Nested Distinctions: Distinctions within Distinctions

When I first dove into snowboarding, as a way to test out the RSTP, I started making coarse distinctions (see “Distinguishing Distinctions – A Definition”). Each one of those critical differences that I discovered, made it easier and easier for me to learn-in each of the various building blocks of the skill set.  With each new discovery, I felt more confident that they would all ultimately add up to my ability to actually carve like a strangely-middle-aged-looking hipster-chick, down the slopes of a Sierra Nevada mountain (at least this is how I picture it in my head!!  Lolol).

And as I became more adept, I started to notice how what I, at first, thought of as being only one task or building block, was actually comprised of MANNNNY smaller subskills that had to be recognized, addressed, and then practiced in a logic sequence until they were systematically mastered.  I discovered that, frequently, there’s a nesting of micro-skills that all come together to make up a larger sub-skill.

Nested distinctions are those distinctions within distinctions that make up a larger whole.

I alluded to this in one of my earlier posts, (see “Testing, Testing RSTP Theory – Snowboarding, PART 2a – Using the carpet lift on the bunny slope”).  One would think, and virtually every instructor would lead you to believe, that riding the absurdly non-threatening bunny slope carpet lift is not even worth mentioning to the student.  “Just ride the lift to the top!!” (see “‘Just’ is anything but ‘Just’”)

Bunny slope_carpet lift

Yet, here’s where the RSTP shines… a light…  in all the tiny dark corners of instruction, and illuminates the myriad ways in which it goes wrong.  It’s especially good at clarifying all the points along the way of the instruction in which the student unknowingly misses key distinction steps in the process they are attempting to learn and possess.

So, the directive to “Just ride the lift to the top!!” is actually quite complex: 

There’s a couple of subtle little distinctions needed to successfully mount the lift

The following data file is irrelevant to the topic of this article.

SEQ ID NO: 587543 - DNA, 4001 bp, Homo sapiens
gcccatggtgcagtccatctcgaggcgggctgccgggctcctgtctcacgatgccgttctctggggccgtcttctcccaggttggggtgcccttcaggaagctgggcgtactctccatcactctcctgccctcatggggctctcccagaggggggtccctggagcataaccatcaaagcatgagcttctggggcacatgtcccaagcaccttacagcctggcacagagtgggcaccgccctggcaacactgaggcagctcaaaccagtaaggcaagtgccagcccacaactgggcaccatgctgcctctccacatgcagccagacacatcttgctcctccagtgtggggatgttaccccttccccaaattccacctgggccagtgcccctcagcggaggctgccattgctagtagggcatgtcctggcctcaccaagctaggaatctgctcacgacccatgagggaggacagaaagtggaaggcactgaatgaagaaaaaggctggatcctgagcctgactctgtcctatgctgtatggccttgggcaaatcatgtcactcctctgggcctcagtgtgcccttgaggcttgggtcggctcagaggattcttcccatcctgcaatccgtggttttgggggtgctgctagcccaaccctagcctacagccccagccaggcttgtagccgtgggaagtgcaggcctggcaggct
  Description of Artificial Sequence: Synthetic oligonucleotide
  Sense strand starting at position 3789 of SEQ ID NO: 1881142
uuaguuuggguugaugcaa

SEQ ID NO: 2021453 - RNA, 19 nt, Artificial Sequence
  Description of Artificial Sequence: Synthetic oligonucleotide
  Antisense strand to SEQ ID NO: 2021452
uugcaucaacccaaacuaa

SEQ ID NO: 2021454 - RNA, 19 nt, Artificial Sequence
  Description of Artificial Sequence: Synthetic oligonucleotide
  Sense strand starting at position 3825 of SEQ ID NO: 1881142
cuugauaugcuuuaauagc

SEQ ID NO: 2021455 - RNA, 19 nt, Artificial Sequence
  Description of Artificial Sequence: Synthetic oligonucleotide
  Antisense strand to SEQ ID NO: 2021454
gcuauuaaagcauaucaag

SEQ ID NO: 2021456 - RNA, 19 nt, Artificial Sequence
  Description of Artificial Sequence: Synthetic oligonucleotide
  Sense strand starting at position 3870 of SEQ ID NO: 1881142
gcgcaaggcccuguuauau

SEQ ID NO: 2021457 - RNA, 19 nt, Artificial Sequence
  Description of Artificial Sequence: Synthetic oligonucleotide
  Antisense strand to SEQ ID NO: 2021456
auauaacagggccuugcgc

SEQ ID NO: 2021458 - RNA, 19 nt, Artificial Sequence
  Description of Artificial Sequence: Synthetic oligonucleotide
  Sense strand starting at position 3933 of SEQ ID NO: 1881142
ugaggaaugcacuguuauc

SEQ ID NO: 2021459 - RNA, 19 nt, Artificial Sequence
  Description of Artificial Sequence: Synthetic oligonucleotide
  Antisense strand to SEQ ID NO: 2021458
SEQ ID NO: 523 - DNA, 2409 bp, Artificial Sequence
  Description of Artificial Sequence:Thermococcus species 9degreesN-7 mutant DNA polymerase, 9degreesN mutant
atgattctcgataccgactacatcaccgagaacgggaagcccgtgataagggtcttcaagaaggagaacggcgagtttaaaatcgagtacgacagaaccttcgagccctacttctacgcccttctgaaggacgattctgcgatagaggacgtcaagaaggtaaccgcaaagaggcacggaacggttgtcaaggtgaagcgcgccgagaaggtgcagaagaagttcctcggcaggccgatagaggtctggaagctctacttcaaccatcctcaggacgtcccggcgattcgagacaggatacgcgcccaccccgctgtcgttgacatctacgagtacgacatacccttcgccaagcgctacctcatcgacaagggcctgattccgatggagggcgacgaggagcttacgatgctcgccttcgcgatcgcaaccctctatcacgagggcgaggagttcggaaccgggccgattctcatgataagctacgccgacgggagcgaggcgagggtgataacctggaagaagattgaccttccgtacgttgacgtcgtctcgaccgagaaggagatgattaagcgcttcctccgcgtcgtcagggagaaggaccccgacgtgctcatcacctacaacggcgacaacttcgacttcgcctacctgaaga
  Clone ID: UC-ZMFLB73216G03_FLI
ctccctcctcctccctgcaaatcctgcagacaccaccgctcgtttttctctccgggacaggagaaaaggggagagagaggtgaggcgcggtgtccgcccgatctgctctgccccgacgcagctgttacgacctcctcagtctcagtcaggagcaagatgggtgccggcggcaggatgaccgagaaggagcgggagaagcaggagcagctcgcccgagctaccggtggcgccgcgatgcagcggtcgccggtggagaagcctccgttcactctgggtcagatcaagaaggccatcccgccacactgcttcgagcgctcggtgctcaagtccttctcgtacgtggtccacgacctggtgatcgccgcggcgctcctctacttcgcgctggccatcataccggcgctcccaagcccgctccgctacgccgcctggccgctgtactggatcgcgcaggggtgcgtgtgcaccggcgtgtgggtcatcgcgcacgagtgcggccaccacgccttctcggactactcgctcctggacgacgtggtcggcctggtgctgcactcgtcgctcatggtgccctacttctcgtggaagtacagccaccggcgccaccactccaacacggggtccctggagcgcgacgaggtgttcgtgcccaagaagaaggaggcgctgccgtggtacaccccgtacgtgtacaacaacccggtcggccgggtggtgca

• It’s necessary to place the snowboard facing straight up the lift, both sides of the board parallel to the sides of the lift, not sideways or at an angle.
  • It’s important to position the front tip of the board approximately 8” out over the moving treadmill without allowing the board to touch down onto the moving surface.
  • You must then press the tip of the board down onto the moving treadmill and at the same time that the board catches, place your back foot on the stomp pad while also maintaining an upright position and balance, facing perpendicular to the direction of the moving lift.

There are distinctions that must be made to successfully ride the lift

  • For the duration of the ride, the rider DOESN’T MOVE – this is instructive because even NOT doing something IS doing something intentionally (see “Not doing IS doing”). 
  • Once the individual is balanced, they must maintain a loose stance with knees slightly bent in the riding position, and looking straight ahead (perpendicular to the movement of the lift).

There are separate distinctions necessary for successfully exiting the carpet lift

  • One must keep their board pointed straight forward (just don’t move), both sides of the board parallel to the sides of the lift, not sideways or at an angle, keeping weight balanced in the center, foot on the stomp pad. 
  • As the board comes to the end of the lift, it will be pushed off the end.  DON’T MOVE – again, intentionally remaining still, centered and balanced over the board.
  • Then one must straight gliding until they come to a natural stop.

In a future post, I’ll look at the vast difference there is between traditional instruction and RSTP instruction.  (see “Snowboarding_Comparing Traditional to RSTP Skill Transfer“)

2 thoughts on “Nested Distinctions: Distinctions within Distinctions

  1. David says:

    You have so articulately explained this process with words! How might this be expressed in a visual way (i.e. signs, pictograms, video) for those who are more visual learners, or as a way to overcome language barriers?

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